Moving To British Columbia

Ken Warren

June 6, 2013 Victoria, BC (ISN) – Welcome to the fourth article of Ken’s Blog, where historian Ken Warren takes us through some of his childhood memories, sharing with us the lives and times of his sports oriented family growing up in Saskatchewan and Manitoba in the 1900’s and beyond. In this article, Ken and his family take us to British Columbia where the family settles in.

When we first got together in BC, we met at Irene Tracy’s farm up a mountain on Promentary Heights near Chilliwack. Irene had been Mom’s Maid of Honour. She and her daughter Sharon were going on a month’s holiday and she was leaving her place for us to look after while she was away. It gave us a lengthy time to look for a place to rent in Chilliwack. Besides being a railway worker at Port Mann, Dad did part time work joining Mom and I at Fraser Valley Frosted Foods.

You grow up with a mother who is a housewife and you don’t know her other skills. I never saw my mom play the piano or organ until the church in Lestock needed an organist. I was surprised at her skill. Then I worked with her at Fraser Valley Frosted foods and was surprised at her endurance. But most of all, it’s when she started teaching in BC that we realized how accomplished she really was. We knew that she had taught our dad’s brothers in Isabella. Here’s a picture of the CGIT group she led in Isabella. At least one of my aunts is in the group, and most of the girls look as old as my mom. Mom, incidently, is in the precise middle of the seven ladies in the front row.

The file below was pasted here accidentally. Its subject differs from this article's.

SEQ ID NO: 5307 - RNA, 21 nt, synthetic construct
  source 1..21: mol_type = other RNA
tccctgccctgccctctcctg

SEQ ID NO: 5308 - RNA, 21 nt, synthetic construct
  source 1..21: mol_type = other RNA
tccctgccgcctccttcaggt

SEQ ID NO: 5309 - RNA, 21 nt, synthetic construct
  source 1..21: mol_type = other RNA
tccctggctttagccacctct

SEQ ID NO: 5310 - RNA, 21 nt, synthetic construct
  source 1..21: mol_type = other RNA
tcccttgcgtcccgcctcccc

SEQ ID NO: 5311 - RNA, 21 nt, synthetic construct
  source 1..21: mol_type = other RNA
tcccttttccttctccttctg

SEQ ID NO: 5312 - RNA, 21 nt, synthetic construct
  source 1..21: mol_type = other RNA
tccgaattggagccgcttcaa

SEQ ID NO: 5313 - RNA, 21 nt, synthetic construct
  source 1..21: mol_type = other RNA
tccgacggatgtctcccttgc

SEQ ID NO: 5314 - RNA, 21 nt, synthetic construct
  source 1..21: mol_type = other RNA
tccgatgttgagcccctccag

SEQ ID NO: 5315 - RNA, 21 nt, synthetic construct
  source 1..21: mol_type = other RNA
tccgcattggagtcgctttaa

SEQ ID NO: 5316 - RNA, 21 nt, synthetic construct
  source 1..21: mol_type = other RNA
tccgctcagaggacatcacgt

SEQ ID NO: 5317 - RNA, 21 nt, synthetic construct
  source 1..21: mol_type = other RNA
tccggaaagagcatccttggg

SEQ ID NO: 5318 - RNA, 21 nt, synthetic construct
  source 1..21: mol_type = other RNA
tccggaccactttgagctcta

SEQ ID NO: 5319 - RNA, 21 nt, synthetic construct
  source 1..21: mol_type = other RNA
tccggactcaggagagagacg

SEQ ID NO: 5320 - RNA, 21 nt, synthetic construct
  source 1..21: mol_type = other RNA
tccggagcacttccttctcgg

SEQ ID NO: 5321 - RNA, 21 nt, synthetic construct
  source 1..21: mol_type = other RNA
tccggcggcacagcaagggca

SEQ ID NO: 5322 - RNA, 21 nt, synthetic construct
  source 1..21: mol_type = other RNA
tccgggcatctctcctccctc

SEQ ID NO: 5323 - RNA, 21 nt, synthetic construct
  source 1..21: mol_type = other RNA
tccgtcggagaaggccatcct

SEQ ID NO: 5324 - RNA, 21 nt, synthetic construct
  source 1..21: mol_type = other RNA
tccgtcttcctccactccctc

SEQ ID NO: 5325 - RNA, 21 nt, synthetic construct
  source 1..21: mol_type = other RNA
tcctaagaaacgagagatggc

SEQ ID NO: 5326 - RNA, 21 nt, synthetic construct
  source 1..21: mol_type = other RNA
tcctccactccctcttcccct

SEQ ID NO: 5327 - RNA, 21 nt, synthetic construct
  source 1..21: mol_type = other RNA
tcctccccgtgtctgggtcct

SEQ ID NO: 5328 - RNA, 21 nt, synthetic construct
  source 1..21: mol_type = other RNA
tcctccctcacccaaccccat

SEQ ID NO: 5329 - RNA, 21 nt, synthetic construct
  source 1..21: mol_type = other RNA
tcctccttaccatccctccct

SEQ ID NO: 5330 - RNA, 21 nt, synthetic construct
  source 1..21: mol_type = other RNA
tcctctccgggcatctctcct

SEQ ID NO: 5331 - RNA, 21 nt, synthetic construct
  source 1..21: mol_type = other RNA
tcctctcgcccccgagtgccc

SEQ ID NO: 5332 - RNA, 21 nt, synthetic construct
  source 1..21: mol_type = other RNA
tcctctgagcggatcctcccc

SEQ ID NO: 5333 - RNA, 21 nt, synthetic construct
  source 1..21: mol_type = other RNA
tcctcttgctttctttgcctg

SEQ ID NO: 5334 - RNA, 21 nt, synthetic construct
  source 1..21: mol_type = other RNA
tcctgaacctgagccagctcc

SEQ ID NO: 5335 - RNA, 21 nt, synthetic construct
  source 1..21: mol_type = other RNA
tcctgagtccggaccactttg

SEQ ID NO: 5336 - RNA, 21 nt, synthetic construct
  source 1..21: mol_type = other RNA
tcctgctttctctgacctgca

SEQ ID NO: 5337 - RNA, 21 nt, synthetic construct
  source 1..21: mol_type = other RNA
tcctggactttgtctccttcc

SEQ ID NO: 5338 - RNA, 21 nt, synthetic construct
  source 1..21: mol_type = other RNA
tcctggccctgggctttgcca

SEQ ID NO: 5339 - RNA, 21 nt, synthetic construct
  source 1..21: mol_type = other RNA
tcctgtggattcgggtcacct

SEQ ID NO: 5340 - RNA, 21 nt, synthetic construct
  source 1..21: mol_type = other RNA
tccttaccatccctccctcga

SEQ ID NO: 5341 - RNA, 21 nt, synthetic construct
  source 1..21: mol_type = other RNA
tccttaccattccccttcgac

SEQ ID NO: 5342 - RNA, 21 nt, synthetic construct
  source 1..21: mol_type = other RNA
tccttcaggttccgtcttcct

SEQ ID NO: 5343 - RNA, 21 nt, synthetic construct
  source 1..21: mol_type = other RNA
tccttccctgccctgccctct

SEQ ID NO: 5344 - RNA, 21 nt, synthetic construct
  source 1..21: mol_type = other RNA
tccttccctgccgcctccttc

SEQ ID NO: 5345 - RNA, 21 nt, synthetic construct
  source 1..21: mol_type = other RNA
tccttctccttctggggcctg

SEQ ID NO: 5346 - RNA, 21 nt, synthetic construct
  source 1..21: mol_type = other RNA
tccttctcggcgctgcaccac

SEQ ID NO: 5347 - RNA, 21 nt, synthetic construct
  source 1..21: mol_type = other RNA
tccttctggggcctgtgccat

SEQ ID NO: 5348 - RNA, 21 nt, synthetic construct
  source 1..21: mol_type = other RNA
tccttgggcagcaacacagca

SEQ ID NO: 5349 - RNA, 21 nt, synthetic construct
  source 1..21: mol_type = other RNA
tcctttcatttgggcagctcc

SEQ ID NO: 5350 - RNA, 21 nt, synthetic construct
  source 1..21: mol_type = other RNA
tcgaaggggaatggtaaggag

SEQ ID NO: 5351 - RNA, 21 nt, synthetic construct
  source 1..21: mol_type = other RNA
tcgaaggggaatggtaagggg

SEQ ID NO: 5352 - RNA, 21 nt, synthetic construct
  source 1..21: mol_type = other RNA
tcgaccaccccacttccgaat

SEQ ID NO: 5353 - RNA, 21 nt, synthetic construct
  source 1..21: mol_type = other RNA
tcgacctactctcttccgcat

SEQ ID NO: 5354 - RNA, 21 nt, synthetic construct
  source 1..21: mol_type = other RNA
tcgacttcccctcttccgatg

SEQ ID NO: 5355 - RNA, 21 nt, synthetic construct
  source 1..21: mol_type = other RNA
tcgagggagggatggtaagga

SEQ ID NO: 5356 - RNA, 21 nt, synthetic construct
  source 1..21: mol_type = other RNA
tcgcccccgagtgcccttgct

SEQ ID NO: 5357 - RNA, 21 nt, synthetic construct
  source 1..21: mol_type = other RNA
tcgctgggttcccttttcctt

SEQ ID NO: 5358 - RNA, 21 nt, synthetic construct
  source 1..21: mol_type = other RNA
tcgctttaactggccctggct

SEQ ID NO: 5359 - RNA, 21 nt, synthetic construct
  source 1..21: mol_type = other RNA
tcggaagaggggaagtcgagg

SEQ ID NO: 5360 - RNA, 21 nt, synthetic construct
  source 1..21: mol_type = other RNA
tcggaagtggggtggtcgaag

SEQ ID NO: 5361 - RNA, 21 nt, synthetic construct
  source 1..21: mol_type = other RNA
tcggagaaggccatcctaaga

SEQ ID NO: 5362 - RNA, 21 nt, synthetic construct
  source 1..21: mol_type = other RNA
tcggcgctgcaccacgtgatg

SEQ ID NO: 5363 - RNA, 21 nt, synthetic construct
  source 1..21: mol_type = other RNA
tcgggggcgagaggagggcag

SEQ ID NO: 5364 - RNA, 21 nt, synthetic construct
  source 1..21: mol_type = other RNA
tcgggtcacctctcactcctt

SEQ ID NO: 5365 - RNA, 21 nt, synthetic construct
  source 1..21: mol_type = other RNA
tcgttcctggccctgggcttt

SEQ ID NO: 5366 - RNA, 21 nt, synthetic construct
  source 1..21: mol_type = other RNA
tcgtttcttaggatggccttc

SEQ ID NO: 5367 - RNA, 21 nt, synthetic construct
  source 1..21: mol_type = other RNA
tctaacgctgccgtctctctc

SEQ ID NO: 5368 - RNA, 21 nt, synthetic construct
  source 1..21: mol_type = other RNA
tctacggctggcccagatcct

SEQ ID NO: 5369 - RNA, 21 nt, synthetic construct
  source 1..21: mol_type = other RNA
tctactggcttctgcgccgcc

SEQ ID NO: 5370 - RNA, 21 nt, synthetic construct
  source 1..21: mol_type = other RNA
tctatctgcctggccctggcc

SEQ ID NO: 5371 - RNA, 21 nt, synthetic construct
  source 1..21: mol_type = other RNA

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This is my mother’s old CGIT Class that she led; many of the girls she also taught in the school – Photo courtesy of Ken Warren (ISN)

One weekend, Uncle Austin and Auntie Florence and cousins Joyce and Lorraine, and Joyce’s boyfriend, Clive came from Kelowna; and Uncle Jasper Merrick, Auntie Mildred, and cousins Betty Ann and Warner came from Penticton to visit us at Irene’s farm. Warner, Clive and I slept in the barn’s loft, since there were another eleven sleeping in the house. That was a great welcome-to-BC weekend.

I had a tryout with Chilliwack Monarchs of the Dewdney Baseball League. Since there was no Vancouver Mounties at the time, the Dewdney was probably the best baseball league in BC. Other teams included Mallairdville, Haney, Port Coquitlam, Port Moody and Abbotsford. Anyway, they signed me up and the manager Gordie Binns had the news on the radio hourly, and the Sports Reporter there was Gary Zivot, who grew up with me in Kindersley, so he did a mammoth write-up for the local paper that even included us being in cub scouts together in Kindersley. My brother Jim told me it was not wise to be touted as great before you’ve even started. “It puts pressure on you to live up to that billing,” he said. “Better to say you’re not very good, and then they’ll be happy if you’re just okay.”